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The Automatic Renewal Gimmick on the Internet

The internet world does everything possible to get your credit card number and then rope you into some monthly subscription.  I ran into that problem yesterday.  I wanted to stop my subscription at a Kindle-competitor for one new audiobook per month.  It was difficult to cancel.  My reaction was panic and anger.

Fortunately it all worked out.  The customer does not lose access to their library of previously bought audiobooks just because they have cancelled their subscription.  But this is something that must be investigated fully before ever signing up with a new subscription service.

What a perverse model the subscription model is, to the customer!  I have had problems with anti-virus software making you pay more if you check the box to block automatic renewal.  The "box" is usually hidden so that you won't find it.  

Likewise, I have had problems with Patreon trying the same trick on me.  So I cancelled my support for the writer or vlogger in question.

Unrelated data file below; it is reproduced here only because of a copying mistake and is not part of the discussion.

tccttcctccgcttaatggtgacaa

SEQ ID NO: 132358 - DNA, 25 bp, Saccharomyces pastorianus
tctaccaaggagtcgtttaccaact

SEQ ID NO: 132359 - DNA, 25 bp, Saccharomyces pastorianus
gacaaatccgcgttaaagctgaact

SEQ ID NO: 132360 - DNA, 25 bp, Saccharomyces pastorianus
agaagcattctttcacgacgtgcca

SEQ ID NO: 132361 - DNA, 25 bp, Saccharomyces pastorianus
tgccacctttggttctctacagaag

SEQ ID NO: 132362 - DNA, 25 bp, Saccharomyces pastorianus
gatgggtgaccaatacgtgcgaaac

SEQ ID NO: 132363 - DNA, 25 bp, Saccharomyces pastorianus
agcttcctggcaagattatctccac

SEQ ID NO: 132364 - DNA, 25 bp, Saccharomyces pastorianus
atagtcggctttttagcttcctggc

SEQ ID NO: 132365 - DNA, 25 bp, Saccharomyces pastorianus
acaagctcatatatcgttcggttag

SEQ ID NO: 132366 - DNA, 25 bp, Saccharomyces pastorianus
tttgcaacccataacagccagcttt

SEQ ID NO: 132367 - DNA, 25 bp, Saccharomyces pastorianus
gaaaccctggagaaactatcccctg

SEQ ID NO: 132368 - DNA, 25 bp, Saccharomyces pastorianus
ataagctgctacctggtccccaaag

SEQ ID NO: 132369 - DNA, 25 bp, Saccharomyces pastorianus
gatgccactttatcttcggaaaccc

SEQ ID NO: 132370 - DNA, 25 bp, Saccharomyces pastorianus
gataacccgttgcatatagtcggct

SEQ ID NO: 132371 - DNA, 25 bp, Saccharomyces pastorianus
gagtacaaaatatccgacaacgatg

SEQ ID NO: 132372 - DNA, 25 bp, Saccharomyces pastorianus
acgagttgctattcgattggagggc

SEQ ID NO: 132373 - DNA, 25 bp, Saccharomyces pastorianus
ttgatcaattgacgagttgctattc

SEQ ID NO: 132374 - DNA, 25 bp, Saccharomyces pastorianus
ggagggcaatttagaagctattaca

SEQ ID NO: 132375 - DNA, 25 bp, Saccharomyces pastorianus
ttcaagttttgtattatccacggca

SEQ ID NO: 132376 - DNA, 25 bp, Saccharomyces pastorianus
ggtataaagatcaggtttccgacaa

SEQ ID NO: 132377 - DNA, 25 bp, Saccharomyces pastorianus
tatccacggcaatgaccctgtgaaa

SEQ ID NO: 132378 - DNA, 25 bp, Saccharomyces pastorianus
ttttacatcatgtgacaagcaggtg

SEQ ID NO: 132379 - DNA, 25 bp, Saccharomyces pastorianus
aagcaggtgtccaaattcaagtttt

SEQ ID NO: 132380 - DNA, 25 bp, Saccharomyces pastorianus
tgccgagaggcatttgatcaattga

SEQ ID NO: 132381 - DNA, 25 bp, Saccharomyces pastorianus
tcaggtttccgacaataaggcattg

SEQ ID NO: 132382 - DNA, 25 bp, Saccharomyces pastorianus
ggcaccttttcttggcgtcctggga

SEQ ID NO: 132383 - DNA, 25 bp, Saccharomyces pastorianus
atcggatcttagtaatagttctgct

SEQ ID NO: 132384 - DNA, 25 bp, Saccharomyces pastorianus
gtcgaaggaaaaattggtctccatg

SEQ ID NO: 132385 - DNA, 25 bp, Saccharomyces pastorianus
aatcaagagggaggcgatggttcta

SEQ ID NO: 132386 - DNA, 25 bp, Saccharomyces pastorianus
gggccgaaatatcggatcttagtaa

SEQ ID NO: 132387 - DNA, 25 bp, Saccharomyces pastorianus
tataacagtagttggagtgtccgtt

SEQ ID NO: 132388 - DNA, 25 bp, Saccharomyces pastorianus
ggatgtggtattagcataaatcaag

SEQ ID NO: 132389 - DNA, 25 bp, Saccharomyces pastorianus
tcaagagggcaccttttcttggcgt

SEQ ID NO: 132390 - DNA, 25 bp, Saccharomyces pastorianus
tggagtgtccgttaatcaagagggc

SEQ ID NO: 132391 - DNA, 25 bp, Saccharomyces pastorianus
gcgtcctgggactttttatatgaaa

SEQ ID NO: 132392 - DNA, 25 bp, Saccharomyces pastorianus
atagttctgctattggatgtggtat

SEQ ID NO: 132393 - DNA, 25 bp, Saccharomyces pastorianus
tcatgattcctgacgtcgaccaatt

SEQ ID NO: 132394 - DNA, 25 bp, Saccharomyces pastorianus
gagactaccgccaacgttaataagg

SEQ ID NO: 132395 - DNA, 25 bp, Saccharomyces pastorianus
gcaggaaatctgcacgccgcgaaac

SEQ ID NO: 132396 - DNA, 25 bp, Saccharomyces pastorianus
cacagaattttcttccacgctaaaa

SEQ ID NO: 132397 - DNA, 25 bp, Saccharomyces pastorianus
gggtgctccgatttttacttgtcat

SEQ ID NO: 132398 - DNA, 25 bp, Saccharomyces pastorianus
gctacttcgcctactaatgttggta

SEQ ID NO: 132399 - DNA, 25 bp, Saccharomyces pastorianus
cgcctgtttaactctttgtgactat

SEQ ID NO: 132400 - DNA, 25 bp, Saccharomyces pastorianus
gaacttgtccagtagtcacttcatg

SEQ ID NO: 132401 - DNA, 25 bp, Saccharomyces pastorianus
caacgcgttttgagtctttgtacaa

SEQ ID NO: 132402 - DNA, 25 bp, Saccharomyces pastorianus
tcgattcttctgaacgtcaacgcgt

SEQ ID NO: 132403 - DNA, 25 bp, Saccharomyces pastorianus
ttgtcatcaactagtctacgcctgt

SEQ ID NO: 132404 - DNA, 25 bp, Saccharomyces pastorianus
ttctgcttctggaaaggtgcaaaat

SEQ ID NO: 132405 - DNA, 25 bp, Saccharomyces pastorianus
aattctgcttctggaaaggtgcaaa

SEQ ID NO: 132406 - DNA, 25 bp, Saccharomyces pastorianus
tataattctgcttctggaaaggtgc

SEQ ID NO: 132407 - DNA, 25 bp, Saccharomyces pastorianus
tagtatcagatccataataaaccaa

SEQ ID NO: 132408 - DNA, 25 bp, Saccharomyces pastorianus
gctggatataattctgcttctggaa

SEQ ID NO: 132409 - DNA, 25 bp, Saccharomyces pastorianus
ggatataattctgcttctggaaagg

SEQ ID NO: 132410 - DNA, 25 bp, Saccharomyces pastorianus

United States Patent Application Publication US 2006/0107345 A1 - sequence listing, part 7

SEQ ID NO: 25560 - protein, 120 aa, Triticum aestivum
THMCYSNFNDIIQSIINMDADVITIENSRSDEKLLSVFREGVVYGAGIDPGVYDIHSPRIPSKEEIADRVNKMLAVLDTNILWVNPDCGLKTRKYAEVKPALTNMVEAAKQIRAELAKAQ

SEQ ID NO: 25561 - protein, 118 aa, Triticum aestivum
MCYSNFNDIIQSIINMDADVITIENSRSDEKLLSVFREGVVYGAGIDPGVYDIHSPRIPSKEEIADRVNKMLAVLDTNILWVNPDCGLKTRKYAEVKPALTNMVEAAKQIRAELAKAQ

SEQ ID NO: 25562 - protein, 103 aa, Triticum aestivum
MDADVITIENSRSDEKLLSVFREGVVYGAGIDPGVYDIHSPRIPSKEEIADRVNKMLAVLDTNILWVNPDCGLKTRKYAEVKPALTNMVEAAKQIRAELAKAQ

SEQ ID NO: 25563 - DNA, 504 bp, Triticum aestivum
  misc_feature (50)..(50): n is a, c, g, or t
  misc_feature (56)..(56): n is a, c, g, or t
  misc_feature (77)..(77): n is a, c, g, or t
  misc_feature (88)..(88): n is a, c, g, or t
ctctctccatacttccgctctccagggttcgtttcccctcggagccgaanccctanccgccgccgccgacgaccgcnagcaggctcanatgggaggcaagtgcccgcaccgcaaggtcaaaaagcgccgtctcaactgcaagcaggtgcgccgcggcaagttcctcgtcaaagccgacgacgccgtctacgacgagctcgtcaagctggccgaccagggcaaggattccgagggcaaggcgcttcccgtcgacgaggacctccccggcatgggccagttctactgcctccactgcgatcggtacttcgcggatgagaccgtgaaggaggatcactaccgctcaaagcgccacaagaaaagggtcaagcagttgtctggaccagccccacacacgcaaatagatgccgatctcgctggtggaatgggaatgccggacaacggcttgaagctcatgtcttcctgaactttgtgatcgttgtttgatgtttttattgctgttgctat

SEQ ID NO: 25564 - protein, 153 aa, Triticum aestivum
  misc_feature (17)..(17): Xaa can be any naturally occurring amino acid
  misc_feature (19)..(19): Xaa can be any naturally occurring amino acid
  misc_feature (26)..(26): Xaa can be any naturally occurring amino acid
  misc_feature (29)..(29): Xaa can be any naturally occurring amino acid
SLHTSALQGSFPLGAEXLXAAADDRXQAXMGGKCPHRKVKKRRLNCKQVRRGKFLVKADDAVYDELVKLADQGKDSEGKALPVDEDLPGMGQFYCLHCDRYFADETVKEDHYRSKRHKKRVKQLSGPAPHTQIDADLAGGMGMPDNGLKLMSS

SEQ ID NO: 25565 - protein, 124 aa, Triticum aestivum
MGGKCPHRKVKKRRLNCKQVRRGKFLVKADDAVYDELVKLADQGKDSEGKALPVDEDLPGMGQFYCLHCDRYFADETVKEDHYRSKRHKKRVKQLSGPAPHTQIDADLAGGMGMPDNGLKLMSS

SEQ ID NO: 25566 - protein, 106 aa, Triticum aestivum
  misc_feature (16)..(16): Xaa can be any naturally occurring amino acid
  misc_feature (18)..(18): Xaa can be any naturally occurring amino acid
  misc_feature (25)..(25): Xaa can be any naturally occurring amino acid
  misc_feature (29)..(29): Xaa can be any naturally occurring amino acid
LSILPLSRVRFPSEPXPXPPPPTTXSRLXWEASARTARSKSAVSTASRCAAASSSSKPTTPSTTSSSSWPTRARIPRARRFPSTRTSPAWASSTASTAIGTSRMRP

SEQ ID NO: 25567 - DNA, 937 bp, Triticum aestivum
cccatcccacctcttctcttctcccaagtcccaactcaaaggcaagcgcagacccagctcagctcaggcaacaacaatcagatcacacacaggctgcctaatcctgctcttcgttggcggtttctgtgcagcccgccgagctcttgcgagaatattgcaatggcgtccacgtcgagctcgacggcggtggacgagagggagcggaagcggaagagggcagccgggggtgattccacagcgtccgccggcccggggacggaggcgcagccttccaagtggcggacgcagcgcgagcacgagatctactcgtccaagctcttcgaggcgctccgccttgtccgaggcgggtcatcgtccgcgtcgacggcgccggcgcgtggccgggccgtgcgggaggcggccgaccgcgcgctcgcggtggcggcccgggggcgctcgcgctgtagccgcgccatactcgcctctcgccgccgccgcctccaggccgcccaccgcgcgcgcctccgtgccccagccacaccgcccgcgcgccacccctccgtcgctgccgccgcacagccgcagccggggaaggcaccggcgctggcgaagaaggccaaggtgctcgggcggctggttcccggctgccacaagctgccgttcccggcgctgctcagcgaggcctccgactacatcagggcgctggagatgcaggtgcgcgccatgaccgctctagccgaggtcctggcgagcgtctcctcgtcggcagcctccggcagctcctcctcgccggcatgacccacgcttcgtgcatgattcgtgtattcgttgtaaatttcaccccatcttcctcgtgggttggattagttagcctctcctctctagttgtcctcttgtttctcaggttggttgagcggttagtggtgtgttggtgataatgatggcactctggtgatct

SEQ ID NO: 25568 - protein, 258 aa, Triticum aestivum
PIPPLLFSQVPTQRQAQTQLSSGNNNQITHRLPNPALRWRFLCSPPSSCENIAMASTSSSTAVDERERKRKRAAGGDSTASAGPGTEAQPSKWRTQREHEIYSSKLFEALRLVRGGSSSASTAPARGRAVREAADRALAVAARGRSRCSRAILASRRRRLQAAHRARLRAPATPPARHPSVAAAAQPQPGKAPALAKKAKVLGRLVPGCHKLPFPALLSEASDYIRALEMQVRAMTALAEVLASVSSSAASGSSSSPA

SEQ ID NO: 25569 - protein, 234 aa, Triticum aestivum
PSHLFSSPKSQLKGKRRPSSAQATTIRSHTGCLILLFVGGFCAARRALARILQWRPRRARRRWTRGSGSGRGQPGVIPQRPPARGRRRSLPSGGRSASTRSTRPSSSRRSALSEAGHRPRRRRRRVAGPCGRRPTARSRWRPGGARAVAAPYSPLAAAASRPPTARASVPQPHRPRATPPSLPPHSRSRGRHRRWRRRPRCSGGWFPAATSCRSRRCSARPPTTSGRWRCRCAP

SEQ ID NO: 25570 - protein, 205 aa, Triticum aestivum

Be clear, I am not promoting the idea of freebies for customers.  I want the internet to be part of the economy.  I like making a discretionary decision to buy something, and then enjoy it.  But each of these monthly charges is like drilling a small hole in the hull of a ship.  The ocean loves it.

This is especially important to customers during times of rampant inflation.  You need to go on the warpath against automatic charges.



You are exactly correct on this issue.
Barney, I figured you for a guy who disliked monthly information-rent and automatic renewals! (grin)
Mark in Kansas said…
I don’t subscribe to magazines unless they make a provision for me to mail them a check.
Mark, checks would certainly solve the problem. I am surprised they haven't stop issuing them.